Neurology Residency

 

Amar B. Bhatt, M.D.

Neurology Residency Program Director.

Welcome to the Rush University Medical Center Neurology Residency.  I’m excited to be your program director.  I have spent my entire career in education, and am dedicated to being your mentor, guide, and advocate as you navigate the start of your career as a neurologist.

Our program is an ACGME-accredited, three-year residency program. We have a strong commitment to excellence in patient care and research and foster an environment where residents build skills in clinical inpatient and outpatient neurology while being supervised by more than 55 full-time faculty clinical neurologists (and a total of more than 70 faculty) at Rush University Medical Center and John H. Stroger, Jr. Hospital of Cook County. 

The Department of Neurological Sciences at Rush consists of 12 sections and centers devoted to the clinical care and investigation of neurologic disorders: general neurology, cerebrovascular disease, neurological critical care, epilepsy and clinical neurophysiology, movement disorders, multiple sclerosis, neuro-infectious disease, neuromuscular disease, neuro-ophthalmology, neuro-oncology, pediatric neurology, and the Rush Alzheimer’s Disease Center.

Residency highlights include the following:

  • Inpatient neurology rotations (including general neurology, stroke, neurocritical care, and subspecialty neurology) in the state-of-the-art inpatient Tower at Rush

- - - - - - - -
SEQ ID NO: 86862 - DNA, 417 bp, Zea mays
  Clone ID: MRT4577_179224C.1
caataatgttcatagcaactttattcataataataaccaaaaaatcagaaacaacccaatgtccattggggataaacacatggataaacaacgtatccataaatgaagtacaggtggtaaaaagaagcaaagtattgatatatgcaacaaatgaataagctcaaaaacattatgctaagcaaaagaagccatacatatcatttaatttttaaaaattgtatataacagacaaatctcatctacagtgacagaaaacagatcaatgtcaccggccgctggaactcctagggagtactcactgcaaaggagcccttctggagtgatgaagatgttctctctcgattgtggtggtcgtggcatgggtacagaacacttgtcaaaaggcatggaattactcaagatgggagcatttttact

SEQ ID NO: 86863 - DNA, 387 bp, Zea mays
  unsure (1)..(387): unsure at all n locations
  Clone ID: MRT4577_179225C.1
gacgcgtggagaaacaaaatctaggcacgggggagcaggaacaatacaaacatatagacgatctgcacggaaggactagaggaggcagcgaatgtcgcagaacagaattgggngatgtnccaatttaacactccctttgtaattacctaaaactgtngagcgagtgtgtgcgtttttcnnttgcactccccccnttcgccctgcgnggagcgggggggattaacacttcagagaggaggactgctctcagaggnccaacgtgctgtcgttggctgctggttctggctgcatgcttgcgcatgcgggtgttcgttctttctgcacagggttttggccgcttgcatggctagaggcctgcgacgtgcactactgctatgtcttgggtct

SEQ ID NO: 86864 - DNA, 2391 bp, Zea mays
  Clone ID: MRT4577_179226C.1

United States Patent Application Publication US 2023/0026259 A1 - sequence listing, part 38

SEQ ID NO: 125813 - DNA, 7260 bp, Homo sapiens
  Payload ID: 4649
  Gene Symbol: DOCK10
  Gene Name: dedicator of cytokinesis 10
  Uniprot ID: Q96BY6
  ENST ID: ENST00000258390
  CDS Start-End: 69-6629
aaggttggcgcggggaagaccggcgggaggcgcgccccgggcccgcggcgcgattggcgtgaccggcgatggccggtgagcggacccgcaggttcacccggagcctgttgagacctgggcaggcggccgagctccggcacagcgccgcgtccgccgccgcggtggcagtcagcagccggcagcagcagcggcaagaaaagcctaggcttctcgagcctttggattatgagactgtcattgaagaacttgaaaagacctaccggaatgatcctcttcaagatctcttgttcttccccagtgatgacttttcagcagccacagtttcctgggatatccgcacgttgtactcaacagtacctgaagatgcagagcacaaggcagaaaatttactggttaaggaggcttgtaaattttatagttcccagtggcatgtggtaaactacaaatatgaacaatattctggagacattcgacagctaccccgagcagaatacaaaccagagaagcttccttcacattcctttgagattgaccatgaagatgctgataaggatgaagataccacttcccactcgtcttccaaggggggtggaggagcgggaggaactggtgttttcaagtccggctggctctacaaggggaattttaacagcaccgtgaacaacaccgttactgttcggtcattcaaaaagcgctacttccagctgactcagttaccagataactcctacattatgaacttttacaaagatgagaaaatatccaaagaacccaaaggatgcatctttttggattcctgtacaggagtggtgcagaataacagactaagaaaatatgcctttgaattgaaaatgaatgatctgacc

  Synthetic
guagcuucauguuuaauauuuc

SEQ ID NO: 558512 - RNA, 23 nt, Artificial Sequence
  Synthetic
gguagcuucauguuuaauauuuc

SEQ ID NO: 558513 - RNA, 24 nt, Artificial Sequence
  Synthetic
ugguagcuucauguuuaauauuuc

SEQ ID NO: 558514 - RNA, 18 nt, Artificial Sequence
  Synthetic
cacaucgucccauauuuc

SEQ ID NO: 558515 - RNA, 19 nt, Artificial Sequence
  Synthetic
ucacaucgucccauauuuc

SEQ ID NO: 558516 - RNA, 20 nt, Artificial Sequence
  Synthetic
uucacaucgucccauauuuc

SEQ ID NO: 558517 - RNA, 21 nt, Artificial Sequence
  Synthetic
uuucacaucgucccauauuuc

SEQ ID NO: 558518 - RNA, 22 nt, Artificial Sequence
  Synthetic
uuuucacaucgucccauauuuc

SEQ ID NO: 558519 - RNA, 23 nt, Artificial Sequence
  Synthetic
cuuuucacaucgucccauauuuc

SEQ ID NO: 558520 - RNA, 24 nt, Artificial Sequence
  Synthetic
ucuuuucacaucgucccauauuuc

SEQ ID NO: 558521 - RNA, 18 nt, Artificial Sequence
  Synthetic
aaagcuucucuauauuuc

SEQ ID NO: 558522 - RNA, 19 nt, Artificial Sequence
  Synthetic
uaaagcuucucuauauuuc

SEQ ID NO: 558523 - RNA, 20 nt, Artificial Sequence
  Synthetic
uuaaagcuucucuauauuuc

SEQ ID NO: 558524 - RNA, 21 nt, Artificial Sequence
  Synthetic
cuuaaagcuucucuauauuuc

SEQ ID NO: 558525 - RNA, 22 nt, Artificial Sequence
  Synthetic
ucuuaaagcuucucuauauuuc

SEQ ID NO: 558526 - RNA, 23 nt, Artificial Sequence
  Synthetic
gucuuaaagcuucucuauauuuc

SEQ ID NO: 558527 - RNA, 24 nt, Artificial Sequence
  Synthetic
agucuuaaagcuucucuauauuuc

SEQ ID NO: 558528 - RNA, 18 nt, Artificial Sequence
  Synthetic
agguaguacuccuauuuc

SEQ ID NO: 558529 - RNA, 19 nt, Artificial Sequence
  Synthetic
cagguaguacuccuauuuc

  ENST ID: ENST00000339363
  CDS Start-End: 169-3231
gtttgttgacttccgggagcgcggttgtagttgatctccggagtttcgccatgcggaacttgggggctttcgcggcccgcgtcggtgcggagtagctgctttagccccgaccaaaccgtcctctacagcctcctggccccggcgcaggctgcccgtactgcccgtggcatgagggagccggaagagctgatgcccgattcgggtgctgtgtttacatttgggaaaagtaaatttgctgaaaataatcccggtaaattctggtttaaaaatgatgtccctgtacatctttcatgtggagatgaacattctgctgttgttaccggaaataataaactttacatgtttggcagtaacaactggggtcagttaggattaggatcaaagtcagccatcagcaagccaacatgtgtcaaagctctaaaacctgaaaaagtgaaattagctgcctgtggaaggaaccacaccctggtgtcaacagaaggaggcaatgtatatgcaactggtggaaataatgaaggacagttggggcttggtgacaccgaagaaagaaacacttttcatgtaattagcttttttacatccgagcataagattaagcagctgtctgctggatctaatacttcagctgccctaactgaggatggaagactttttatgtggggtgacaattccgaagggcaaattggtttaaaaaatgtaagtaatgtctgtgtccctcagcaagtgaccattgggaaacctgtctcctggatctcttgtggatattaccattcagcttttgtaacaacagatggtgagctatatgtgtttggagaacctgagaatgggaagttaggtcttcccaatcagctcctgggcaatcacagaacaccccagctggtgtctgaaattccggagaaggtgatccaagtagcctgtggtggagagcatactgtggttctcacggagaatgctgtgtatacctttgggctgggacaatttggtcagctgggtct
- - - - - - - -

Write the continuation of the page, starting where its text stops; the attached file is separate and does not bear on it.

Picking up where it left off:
• Several inpatient neurology rotations at Stroger Hospital of Cook County, including exposure to the weekly clinics
  • Pediatric neurology and Psychiatry rotations at Rush
  • A well-organized and well-run weekly resident general neurology continuity clinic at Rush
  • Participation in daily noontime case conferences and lectures

The residency will also help you build a sound foundation in research methodology through participation in research projects.

We are committed to helping you develop any and all career paths while having fun during training, whether you’re looking for a subspecialty fellowship, developing research interests, planning a career as a teacher and educator, or becoming a well-rounded general neurologist.

—Amar B. Bhatt, MD

Neurology Residency Program Director

Assistant Professor of Neurology